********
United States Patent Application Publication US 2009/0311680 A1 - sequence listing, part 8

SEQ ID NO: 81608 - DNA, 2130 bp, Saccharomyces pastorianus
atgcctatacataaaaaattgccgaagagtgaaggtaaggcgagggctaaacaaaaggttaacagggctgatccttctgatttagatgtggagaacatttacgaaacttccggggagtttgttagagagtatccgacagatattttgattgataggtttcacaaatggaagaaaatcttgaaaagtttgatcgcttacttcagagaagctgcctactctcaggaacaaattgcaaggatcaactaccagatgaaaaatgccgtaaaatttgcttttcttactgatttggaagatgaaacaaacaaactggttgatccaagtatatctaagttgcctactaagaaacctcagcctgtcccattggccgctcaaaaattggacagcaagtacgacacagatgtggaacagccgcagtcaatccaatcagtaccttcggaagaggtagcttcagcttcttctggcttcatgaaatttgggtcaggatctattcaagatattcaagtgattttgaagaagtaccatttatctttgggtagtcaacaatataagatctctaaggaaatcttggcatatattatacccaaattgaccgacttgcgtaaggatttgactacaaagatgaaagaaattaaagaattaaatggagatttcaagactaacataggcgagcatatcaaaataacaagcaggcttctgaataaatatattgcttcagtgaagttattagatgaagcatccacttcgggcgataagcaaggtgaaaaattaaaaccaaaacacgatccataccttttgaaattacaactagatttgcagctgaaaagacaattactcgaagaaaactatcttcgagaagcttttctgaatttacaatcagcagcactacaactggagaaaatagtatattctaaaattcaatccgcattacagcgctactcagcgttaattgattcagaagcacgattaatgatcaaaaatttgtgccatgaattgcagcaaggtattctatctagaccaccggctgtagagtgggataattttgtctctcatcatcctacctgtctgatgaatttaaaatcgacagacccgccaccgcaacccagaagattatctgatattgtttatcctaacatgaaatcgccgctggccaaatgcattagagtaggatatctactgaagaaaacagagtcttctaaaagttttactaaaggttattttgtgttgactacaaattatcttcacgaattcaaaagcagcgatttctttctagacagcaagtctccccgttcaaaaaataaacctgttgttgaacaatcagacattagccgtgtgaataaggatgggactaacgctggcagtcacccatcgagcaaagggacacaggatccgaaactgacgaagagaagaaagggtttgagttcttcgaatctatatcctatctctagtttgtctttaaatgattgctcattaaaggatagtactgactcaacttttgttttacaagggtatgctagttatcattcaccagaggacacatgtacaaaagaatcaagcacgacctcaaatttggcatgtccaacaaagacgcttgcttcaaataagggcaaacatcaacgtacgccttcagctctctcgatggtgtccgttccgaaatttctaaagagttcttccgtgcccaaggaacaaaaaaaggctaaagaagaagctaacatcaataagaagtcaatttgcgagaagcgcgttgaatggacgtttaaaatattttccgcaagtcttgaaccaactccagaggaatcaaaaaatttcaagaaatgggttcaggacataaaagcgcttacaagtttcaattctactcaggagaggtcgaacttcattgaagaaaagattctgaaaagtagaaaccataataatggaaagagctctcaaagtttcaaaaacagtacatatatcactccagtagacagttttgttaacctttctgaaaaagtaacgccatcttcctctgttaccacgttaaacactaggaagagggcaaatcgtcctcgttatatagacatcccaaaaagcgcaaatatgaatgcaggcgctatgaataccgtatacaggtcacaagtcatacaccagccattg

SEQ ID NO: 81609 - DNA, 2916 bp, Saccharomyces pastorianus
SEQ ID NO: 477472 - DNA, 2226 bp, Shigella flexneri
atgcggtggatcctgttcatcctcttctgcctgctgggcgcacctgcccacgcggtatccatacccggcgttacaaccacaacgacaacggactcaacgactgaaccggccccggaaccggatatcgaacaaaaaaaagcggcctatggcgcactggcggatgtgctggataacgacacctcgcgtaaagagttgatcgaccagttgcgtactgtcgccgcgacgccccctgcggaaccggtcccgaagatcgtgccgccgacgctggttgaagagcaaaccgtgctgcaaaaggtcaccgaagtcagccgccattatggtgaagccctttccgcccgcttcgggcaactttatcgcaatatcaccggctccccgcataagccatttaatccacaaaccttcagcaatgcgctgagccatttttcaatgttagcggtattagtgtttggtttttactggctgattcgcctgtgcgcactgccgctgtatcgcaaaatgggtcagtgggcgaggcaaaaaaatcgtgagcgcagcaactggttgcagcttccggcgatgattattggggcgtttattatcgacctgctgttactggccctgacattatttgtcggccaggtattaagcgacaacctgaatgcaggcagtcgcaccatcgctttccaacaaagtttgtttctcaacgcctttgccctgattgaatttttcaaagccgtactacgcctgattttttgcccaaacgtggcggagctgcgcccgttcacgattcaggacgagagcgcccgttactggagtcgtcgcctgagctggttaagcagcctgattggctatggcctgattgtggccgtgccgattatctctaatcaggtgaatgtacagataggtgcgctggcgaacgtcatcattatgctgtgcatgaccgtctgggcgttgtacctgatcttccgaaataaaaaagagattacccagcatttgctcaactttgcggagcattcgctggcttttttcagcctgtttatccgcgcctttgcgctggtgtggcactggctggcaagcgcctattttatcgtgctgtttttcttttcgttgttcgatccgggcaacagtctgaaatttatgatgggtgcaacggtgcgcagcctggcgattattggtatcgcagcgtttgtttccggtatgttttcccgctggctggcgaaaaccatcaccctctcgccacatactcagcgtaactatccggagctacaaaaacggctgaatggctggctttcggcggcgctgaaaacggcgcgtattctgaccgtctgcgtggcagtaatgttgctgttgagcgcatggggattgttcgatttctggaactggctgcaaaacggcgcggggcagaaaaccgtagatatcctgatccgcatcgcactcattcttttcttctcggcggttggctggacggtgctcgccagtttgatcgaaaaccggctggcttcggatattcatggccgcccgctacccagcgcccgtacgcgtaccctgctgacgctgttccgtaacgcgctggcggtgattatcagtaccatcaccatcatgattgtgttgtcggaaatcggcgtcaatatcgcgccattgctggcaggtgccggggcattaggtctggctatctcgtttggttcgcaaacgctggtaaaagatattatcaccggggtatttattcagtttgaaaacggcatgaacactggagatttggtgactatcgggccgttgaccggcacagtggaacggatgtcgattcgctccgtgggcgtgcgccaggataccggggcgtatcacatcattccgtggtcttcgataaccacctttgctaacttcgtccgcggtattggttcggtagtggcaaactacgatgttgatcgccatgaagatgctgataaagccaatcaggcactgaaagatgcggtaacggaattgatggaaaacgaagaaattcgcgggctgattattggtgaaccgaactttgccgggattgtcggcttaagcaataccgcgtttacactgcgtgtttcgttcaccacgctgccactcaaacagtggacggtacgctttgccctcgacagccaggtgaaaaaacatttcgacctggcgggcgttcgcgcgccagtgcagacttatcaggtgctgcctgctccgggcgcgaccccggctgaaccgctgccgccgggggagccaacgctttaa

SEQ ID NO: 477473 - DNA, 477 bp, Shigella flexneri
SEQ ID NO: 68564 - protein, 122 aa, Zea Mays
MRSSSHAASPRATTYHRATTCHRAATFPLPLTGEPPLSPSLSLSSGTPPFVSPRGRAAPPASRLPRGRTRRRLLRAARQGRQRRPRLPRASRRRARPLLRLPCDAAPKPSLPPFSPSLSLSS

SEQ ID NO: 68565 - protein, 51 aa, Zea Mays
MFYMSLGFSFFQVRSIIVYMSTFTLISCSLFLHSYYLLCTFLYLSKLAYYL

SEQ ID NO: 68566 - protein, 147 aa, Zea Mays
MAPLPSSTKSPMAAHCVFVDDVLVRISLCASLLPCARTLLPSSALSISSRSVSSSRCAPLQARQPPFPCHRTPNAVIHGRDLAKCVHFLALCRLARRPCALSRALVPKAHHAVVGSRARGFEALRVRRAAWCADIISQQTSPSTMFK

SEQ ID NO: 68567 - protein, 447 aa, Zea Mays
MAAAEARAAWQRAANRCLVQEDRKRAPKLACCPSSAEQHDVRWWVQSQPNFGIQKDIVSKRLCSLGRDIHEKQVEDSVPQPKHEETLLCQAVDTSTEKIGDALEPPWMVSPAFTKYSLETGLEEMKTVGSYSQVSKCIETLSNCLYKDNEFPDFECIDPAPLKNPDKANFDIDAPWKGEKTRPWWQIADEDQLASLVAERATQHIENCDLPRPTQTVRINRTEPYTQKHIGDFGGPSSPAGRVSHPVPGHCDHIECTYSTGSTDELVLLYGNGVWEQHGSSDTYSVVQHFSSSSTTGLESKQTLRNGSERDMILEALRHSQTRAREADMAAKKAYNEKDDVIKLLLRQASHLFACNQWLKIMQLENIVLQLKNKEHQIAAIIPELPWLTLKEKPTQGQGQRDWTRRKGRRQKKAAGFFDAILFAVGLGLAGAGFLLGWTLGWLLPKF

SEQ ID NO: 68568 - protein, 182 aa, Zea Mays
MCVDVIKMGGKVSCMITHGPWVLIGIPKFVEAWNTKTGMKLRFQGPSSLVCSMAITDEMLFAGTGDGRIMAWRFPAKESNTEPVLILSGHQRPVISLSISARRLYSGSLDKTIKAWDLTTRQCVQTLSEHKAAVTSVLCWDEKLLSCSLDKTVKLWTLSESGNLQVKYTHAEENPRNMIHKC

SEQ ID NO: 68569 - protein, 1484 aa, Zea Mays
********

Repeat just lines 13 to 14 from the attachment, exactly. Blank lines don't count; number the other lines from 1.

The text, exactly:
MAPLPSSTKSPMAAHCVFVDDVLVRISLCASLLPCARTLLPSSALSISSRSVSSSRCAPLQARQPPFPCHRTPNAVIHGRDLAKCVHFLALCRLARRPCALSRALVPKAHHAVVGSRARGFEALRVRRAAWCADIISQQTSPSTMFK

SEQ ID NO: 68567 - protein, 447 aa, Zea Mays